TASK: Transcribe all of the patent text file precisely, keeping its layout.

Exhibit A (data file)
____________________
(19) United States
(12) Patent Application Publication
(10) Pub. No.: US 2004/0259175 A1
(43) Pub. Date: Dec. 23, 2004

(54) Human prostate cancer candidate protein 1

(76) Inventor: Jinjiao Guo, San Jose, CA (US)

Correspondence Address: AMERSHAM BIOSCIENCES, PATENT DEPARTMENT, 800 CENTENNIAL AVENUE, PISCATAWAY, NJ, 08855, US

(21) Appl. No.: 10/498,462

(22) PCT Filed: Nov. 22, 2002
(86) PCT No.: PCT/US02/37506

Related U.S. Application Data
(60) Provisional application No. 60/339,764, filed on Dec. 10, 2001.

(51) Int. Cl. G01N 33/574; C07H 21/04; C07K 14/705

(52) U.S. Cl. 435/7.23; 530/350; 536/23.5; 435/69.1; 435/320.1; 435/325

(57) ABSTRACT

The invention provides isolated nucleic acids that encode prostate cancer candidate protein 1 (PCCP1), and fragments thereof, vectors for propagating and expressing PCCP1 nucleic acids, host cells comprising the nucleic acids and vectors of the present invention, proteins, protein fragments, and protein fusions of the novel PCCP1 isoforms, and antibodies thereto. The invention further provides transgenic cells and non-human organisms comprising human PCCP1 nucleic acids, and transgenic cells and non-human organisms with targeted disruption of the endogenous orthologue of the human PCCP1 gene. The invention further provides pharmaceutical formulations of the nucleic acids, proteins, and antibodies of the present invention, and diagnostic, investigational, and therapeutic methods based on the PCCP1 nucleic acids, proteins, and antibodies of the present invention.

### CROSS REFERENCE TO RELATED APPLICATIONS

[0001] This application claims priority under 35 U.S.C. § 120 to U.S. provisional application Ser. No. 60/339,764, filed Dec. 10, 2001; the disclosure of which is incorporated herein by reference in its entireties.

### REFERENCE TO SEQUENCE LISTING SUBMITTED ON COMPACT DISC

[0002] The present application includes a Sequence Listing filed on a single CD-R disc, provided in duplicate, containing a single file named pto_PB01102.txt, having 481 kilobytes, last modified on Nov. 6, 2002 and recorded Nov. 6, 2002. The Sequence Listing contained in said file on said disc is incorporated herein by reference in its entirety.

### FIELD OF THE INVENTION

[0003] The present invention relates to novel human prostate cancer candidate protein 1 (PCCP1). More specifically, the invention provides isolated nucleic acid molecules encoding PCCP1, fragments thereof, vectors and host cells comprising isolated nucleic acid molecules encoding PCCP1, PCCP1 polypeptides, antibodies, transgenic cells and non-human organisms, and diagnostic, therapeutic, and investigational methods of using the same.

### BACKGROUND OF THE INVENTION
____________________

(19) United States
(12) Patent Application Publication
(10) Pub. No.: US 2004/0259175 A1
(43) Pub. Date: Dec. 23, 2004

(54) Human prostate cancer candidate protein 1

(76) Inventor: Jinjiao Guo, San Jose, CA (US)

Correspondence Address: AMERSHAM BIOSCIENCES, PATENT DEPARTMENT, 800 CENTENNIAL AVENUE, PISCATAWAY, NJ, 08855, US

(21) Appl. No.: 10/498,462

(22) PCT Filed: Nov. 22, 2002
(86) PCT No.: PCT/US02/37506

Related U.S. Application Data
(60) Provisional application No. 60/339,764, filed on Dec. 10, 2001.

(51) Int. Cl. G01N 33/574; C07H 21/04; C07K 14/705

(52) U.S. Cl. 435/7.23; 530/350; 536/23.5; 435/69.1; 435/320.1; 435/325

(57) ABSTRACT

The invention provides isolated nucleic acids that encode prostate cancer candidate protein 1 (PCCP1), and fragments thereof, vectors for propagating and expressing PCCP1 nucleic acids, host cells comprising the nucleic acids and vectors of the present invention, proteins, protein fragments, and protein fusions of the novel PCCP1 isoforms, and antibodies thereto. The invention further provides transgenic cells and non-human organisms comprising human PCCP1 nucleic acids, and transgenic cells and non-human organisms with targeted disruption of the endogenous orthologue of the human PCCP1 gene. The invention further provides pharmaceutical formulations of the nucleic acids, proteins, and antibodies of the present invention, and diagnostic, investigational, and therapeutic methods based on the PCCP1 nucleic acids, proteins, and antibodies of the present invention.

### CROSS REFERENCE TO RELATED APPLICATIONS

[0001] This application claims priority under 35 U.S.C. § 120 to U.S. provisional application Ser. No. 60/339,764, filed Dec. 10, 2001; the disclosure of which is incorporated herein by reference in its entireties.

### REFERENCE TO SEQUENCE LISTING SUBMITTED ON COMPACT DISC

[0002] The present application includes a Sequence Listing filed on a single CD-R disc, provided in duplicate, containing a single file named pto_PB01102.txt, having 481 kilobytes, last modified on Nov. 6, 2002 and recorded Nov. 6, 2002. The Sequence Listing contained in said file on said disc is incorporated herein by reference in its entirety.

### FIELD OF THE INVENTION

[0003] The present invention relates to novel human prostate cancer candidate protein 1 (PCCP1). More specifically, the invention provides isolated nucleic acid molecules encoding PCCP1, fragments thereof, vectors and host cells comprising isolated nucleic acid molecules encoding PCCP1, PCCP1 polypeptides, antibodies, transgenic cells and non-human organisms, and diagnostic, therapeutic, and investigational methods of using the same.

### BACKGROUND OF THE INVENTION